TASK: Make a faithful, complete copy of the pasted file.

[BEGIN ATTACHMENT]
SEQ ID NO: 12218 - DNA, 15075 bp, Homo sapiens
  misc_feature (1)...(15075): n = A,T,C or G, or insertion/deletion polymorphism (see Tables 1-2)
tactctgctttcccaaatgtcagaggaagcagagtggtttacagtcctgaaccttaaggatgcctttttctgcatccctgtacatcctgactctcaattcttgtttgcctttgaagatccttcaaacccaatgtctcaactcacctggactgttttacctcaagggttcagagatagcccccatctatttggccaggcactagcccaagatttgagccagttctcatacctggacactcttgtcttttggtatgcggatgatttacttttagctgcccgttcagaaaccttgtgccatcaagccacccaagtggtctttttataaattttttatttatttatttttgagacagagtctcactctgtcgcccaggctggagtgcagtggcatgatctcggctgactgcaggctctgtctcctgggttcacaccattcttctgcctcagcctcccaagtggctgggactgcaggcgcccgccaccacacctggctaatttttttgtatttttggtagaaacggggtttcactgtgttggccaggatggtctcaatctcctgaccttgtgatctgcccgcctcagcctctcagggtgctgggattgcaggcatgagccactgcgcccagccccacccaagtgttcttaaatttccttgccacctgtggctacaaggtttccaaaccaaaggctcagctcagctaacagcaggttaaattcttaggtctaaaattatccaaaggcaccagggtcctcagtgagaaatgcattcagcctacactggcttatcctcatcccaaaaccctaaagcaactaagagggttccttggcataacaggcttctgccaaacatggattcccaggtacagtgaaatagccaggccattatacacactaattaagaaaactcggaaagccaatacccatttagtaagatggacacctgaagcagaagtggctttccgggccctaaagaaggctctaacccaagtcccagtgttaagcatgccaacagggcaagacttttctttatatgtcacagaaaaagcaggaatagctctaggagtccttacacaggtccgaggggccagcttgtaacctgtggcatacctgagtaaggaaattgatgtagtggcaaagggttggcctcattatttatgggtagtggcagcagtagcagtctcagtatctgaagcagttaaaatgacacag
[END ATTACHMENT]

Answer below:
SEQ ID NO: 12218 - DNA, 15075 bp, Homo sapiens
  misc_feature (1)...(15075): n = A,T,C or G, or insertion/deletion polymorphism (see Tables 1-2)
tactctgctttcccaaatgtcagaggaagcagagtggtttacagtcctgaaccttaaggatgcctttttctgcatccctgtacatcctgactctcaattcttgtttgcctttgaagatccttcaaacccaatgtctcaactcacctggactgttttacctcaagggttcagagatagcccccatctatttggccaggcactagcccaagatttgagccagttctcatacctggacactcttgtcttttggtatgcggatgatttacttttagctgcccgttcagaaaccttgtgccatcaagccacccaagtggtctttttataaattttttatttatttatttttgagacagagtctcactctgtcgcccaggctggagtgcagtggcatgatctcggctgactgcaggctctgtctcctgggttcacaccattcttctgcctcagcctcccaagtggctgggactgcaggcgcccgccaccacacctggctaatttttttgtatttttggtagaaacggggtttcactgtgttggccaggatggtctcaatctcctgaccttgtgatctgcccgcctcagcctctcagggtgctgggattgcaggcatgagccactgcgcccagccccacccaagtgttcttaaatttccttgccacctgtggctacaaggtttccaaaccaaaggctcagctcagctaacagcaggttaaattcttaggtctaaaattatccaaaggcaccagggtcctcagtgagaaatgcattcagcctacactggcttatcctcatcccaaaaccctaaagcaactaagagggttccttggcataacaggcttctgccaaacatggattcccaggtacagtgaaatagccaggccattatacacactaattaagaaaactcggaaagccaatacccatttagtaagatggacacctgaagcagaagtggctttccgggccctaaagaaggctctaacccaagtcccagtgttaagcatgccaacagggcaagacttttctttatatgtcacagaaaaagcaggaatagctctaggagtccttacacaggtccgaggggccagcttgtaacctgtggcatacctgagtaaggaaattgatgtagtggcaaagggttggcctcattatttatgggtagtggcagcagtagcagtctcagtatctgaagcagttaaaatgacacag